Astragaloside IV protects endothelial progenitor cells from the damage of ox-LDL via the LOX-1/NLRP3 inflammasome pathway
Authors Qian W, Cai X, Qian Q, Zhuang Q, Yang W, Zhang X, Zhao L
Received 6 March 2019
Accepted for publication 29 May 2019
Published 29 July 2019 Volume 2019:13 Pages 2579—2589
Checked for plagiarism Yes
Review by Single-blind
Peer reviewers approved by Dr Colin Mak
Peer reviewer comments 2
Editor who approved publication: Professor Manfred Ogris
Weibin Qian,1,2,* Xinrui Cai,2,3 Qiuhai Qian,4,* Qianzhu Zhuang,5 Wenjun Yang,4 Xinying Zhang,4 Lijie Zhao6
1Department of Lung Disease, Affiliated Hospital of Shandong University of Traditional Chinese Medicine, Jinan, Shandong 250011, People’s Republic of China; 2Postdoctoral Station, Shandong University of Traditional Chinese Medicine, Jinan, Shandong 250355, People’s Republic of China; 3Department of Traditional Chinese Medicine, Shandong Academy of Occupational Health and Occupational Medicine, Shandong First Medical University & Shandong Academy of Medical Sciences, Jinan, Shandong 250062, People’s Republic of China; 4Department of Endocrinology, Affiliated Hospital of Shandong University of Traditional Chinese Medicine, Jinan, Shandong 250011, People’s Republic of China; 5Academic Department, China Association of Chinese Medicine, Beijing 100029, People’s Republic of China; 6Preventive Treatment Department, Second Affiliated Hospital of Shandong University of Traditional Chinese Medicine, Jinan, Shandong 250001, People’s Republic of China
*These authors contributed equally to this work
Purpose: Functional impairment of endothelial progenitor cells (EPCs) is frequently observed in patients with diabetic vascular complications. Astragaloside IV (ASV) has a significant protective effect against vascular endothelial dysfunction. Thus, this study aimed to investigate the role of ASV on oxidized low-density lipoprotein (ox-LDL)-induced EPCs dysfunction and its potential mechanisms.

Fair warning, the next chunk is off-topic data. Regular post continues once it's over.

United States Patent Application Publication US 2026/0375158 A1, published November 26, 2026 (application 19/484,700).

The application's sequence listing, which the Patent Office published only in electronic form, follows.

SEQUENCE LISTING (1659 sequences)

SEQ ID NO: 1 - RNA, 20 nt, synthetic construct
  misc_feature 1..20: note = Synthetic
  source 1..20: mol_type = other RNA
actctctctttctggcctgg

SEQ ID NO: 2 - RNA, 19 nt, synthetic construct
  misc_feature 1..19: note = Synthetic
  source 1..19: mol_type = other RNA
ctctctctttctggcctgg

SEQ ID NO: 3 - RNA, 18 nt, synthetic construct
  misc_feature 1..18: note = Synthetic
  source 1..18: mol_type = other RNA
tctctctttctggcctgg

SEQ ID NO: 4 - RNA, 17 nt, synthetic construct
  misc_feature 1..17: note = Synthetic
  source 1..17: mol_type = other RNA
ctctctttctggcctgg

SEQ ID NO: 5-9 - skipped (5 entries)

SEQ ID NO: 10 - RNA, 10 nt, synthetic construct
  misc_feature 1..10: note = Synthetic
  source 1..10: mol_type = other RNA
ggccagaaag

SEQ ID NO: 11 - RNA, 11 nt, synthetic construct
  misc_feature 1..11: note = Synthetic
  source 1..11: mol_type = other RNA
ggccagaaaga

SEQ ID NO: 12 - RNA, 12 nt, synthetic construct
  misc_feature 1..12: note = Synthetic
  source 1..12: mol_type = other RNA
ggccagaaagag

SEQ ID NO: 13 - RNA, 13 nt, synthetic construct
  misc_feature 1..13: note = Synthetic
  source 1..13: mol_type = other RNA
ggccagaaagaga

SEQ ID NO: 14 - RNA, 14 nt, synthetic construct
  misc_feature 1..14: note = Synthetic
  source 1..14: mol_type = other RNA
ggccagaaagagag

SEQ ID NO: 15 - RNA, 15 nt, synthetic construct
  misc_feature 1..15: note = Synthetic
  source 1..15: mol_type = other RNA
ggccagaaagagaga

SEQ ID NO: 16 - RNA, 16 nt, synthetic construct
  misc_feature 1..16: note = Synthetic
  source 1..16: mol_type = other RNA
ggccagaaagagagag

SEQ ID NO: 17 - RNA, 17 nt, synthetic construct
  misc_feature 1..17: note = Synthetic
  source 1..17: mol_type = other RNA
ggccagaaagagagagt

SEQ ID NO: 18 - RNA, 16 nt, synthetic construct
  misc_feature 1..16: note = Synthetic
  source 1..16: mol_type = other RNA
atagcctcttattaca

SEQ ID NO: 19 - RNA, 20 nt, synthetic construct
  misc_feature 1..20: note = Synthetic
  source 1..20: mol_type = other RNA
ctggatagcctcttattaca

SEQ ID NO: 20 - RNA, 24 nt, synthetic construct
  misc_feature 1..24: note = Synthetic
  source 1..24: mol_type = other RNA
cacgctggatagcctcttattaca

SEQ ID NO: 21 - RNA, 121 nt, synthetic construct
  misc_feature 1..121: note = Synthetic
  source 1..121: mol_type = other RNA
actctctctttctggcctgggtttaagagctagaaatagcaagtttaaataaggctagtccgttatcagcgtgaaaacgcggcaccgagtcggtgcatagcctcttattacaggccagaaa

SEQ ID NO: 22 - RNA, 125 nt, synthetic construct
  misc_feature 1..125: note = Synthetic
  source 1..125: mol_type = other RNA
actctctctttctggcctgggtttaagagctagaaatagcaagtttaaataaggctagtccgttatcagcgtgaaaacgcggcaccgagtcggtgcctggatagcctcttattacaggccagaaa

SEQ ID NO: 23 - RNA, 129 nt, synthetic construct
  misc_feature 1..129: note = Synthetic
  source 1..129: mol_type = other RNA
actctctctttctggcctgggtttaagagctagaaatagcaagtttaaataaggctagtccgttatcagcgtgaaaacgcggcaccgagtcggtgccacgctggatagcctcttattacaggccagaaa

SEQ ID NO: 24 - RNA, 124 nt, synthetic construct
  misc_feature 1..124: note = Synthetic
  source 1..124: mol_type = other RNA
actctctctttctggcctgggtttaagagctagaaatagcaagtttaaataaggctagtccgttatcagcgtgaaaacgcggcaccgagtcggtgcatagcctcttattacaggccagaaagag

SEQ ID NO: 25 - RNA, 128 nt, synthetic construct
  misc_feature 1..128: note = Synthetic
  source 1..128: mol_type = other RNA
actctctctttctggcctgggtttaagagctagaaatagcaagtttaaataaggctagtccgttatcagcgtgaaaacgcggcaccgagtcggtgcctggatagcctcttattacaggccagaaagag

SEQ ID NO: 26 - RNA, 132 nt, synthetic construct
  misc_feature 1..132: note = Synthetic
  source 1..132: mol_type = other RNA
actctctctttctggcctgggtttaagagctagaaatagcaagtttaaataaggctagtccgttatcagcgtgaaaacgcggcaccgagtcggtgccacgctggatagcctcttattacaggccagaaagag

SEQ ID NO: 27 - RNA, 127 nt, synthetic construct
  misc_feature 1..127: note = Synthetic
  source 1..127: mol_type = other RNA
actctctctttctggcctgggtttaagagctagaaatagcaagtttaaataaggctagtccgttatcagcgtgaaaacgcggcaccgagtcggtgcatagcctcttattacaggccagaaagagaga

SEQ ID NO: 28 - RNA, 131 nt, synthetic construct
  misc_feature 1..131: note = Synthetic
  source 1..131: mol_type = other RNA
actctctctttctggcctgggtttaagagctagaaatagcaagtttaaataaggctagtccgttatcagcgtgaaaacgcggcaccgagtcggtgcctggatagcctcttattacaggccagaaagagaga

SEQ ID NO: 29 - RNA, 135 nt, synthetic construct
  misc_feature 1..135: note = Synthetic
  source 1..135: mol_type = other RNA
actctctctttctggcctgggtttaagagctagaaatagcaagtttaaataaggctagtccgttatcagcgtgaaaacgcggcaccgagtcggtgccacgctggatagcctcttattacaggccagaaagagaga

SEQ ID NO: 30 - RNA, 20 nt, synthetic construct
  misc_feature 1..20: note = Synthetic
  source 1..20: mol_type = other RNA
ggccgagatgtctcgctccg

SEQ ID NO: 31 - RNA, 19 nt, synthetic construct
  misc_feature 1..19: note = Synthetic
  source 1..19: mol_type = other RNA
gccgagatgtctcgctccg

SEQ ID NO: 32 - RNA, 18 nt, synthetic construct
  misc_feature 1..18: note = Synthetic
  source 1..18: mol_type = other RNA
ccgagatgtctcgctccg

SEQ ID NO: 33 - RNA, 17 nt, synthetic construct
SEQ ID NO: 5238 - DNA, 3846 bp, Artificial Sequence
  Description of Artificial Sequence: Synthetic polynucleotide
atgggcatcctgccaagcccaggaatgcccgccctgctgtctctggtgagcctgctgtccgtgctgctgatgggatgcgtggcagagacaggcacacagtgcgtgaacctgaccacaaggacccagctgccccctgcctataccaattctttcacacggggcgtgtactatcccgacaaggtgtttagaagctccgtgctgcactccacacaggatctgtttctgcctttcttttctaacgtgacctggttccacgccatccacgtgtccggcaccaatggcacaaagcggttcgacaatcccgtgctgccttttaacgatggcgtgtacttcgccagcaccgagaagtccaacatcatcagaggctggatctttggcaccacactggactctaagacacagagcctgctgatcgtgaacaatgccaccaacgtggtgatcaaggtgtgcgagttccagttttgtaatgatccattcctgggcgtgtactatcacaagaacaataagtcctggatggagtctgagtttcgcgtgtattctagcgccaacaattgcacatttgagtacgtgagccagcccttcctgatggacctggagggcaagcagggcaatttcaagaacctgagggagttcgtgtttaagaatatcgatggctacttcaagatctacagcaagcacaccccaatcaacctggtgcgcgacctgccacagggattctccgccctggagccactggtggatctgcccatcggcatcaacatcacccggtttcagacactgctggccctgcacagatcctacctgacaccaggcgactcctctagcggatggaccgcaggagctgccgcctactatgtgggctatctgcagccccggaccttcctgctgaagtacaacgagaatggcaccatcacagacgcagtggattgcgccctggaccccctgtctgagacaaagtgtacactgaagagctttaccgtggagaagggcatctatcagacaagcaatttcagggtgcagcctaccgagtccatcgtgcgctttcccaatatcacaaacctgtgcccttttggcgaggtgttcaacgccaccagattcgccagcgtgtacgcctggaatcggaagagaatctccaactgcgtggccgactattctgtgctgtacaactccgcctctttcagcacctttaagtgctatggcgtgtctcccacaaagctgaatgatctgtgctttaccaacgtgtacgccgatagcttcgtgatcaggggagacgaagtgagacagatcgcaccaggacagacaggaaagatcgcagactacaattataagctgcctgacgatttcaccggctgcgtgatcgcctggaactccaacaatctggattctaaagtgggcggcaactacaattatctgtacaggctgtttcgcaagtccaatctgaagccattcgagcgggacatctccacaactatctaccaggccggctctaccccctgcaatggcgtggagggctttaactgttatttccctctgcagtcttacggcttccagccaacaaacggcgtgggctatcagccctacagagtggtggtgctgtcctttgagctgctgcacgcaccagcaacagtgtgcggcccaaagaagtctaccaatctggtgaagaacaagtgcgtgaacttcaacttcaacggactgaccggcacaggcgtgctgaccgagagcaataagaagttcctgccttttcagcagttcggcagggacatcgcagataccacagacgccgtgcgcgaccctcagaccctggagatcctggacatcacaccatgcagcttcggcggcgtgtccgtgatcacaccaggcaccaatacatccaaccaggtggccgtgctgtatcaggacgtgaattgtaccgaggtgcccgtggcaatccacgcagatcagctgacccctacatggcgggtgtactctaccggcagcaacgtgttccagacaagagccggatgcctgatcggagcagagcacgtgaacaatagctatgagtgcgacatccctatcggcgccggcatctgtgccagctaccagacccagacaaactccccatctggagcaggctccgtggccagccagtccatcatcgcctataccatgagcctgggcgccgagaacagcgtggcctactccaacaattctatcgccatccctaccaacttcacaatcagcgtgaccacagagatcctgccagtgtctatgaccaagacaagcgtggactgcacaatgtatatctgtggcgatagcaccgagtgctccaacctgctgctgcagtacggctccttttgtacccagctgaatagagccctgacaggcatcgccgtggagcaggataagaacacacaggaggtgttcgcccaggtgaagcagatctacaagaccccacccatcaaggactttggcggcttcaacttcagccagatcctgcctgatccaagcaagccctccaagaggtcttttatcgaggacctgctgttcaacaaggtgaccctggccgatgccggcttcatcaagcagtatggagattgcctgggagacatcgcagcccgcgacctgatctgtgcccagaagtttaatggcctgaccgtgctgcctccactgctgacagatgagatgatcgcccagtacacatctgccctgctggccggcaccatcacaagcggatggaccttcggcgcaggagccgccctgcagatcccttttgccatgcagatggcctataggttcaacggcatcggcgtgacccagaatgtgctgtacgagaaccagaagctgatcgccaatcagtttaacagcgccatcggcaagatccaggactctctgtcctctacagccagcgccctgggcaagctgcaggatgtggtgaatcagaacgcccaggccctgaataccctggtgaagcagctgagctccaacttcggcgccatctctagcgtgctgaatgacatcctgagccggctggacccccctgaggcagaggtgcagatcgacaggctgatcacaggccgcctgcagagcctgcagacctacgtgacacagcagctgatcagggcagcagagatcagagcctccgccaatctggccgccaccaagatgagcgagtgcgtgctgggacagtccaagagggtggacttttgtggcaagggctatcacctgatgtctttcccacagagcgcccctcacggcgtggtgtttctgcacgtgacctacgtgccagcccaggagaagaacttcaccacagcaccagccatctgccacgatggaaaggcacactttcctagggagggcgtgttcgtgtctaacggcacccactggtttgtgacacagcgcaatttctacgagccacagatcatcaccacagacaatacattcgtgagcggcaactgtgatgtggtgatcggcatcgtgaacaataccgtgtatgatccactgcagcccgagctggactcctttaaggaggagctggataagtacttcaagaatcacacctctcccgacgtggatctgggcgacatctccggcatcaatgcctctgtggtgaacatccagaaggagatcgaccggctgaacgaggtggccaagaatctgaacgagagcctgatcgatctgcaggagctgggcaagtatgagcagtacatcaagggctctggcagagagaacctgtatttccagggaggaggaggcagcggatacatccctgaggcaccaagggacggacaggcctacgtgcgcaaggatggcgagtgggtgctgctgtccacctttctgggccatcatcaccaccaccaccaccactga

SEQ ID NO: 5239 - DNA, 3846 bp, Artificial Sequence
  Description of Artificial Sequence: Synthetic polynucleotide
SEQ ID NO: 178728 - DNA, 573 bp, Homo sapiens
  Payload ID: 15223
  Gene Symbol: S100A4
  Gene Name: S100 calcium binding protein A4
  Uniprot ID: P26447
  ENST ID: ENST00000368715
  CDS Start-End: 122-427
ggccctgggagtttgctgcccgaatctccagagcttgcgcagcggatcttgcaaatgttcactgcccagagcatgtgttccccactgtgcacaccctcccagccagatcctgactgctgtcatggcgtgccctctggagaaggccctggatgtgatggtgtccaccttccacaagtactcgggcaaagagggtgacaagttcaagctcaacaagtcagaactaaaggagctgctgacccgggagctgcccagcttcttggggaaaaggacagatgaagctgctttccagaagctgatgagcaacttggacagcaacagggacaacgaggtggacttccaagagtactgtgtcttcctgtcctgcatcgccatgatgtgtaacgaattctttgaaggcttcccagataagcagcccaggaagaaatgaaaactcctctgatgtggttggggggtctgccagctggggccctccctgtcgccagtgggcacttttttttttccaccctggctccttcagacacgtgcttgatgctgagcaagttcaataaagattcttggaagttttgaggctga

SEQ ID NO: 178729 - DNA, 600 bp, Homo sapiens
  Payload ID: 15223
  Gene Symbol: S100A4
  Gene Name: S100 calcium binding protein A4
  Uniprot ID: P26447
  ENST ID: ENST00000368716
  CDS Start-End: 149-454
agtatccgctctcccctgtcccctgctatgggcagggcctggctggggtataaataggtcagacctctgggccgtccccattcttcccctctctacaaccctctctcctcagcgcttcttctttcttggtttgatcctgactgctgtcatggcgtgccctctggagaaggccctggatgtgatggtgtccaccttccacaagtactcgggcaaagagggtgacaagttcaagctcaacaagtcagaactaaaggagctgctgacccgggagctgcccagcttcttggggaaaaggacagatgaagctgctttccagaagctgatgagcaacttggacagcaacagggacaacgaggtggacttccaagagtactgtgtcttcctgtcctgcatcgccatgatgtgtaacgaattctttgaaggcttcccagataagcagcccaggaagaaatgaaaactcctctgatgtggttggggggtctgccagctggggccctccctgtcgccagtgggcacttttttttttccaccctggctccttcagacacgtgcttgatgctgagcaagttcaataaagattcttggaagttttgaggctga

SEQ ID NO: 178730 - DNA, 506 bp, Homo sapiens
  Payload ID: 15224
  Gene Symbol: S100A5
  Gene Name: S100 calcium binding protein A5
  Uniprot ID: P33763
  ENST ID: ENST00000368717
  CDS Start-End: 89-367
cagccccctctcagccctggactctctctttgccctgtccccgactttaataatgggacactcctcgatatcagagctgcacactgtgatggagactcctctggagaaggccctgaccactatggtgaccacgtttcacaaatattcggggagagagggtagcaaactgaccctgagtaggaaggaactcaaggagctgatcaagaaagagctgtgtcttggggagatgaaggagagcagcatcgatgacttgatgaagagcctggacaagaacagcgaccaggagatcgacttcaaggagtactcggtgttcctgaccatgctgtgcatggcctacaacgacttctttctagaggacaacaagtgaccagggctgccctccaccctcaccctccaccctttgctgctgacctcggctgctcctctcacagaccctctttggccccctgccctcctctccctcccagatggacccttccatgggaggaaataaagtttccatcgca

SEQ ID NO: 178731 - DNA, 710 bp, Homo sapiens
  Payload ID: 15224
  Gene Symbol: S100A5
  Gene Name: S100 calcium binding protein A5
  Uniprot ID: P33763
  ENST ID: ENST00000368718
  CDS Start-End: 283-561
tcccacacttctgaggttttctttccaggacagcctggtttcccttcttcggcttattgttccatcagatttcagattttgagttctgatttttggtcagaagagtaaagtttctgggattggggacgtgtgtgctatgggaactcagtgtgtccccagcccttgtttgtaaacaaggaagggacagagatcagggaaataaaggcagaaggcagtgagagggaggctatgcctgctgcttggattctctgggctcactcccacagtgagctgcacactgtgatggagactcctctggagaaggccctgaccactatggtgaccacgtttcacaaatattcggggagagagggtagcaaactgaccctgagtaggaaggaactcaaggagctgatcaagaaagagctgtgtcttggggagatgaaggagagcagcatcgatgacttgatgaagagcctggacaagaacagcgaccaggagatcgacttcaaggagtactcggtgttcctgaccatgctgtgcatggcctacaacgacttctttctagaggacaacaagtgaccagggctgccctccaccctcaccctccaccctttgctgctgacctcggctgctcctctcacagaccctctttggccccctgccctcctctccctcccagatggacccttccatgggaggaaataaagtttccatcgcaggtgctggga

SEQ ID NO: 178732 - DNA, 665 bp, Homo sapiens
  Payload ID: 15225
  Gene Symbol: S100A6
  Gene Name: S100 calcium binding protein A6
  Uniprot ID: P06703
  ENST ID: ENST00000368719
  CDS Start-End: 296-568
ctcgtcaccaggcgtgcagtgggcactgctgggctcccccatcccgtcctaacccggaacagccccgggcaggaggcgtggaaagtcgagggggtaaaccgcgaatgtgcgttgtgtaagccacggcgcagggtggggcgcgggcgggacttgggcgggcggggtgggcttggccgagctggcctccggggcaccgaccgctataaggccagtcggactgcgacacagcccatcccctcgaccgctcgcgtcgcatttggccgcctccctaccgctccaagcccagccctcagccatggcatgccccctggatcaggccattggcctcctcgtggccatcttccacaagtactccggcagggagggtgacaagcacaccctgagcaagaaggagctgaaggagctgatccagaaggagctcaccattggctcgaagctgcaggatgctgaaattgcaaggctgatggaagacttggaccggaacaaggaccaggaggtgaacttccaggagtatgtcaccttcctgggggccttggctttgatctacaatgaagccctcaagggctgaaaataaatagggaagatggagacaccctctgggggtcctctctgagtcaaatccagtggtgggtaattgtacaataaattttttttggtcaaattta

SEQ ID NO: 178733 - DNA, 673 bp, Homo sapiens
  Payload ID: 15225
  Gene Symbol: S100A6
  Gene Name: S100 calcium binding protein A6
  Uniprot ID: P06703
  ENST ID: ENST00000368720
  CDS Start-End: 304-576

Methods: EPCs were isolated from the peripheral blood of mice and treated with different concentration of ASV (10, 20, 40, 60, 80, 100 and 200 μM). ox-LDL was served as a stimulus for cell model. The proliferation and migration, and improved tube formation ability of EPCs were determined. Reactive oxygen species (ROS) production and the levels of inflammatory cytokines, including interleukin 1β (IL-1β), IL-6, IL-10 and tumor necrosis factor (TNF-α) were measured. The expression oflectin-like oxidized LDL receptor (LOX-1) andNod-like receptor nucleotide-binding domain leucine rich repeat containing protein 3 (NLRP3) inflammasome were detected by Western blot analysis.
Results: We found ASV treatment alleviated ox-LDL-induced cellular dysfunction, as evidenced by promoted proliferation and migration, and improved tube formation ability. Besides, ASV treatment significantly suppressed ox-LDL-induced ROS production and the levels of inflammatory cytokines. ASV inhibited ox-LDL-induced expression of LOX-1 in a concentration-dependent manner. Overexpression of LOX-1 in EPCs triggered NLRP3inflammasome activation, while inhibition of LOX-1 or treatment with ASV suppressed ox-LDL-induced NLRP3 inflammasome activation. Furthermore, overexpression of LOX-1 in ox-LDL-induced EPCs furtherly impaired cellular function, which could be ameliorated by ASV treatment.
Conclusion: Our study showed that ASV may protect EPCs against ox-LDL-induced dysfunction via LOX-1/NLRP3 pathway.
Keywords: endothelial progenitor cells, astragaloside IV, lectin-like oxidized LDL receptor, NLRP3 inflammasome
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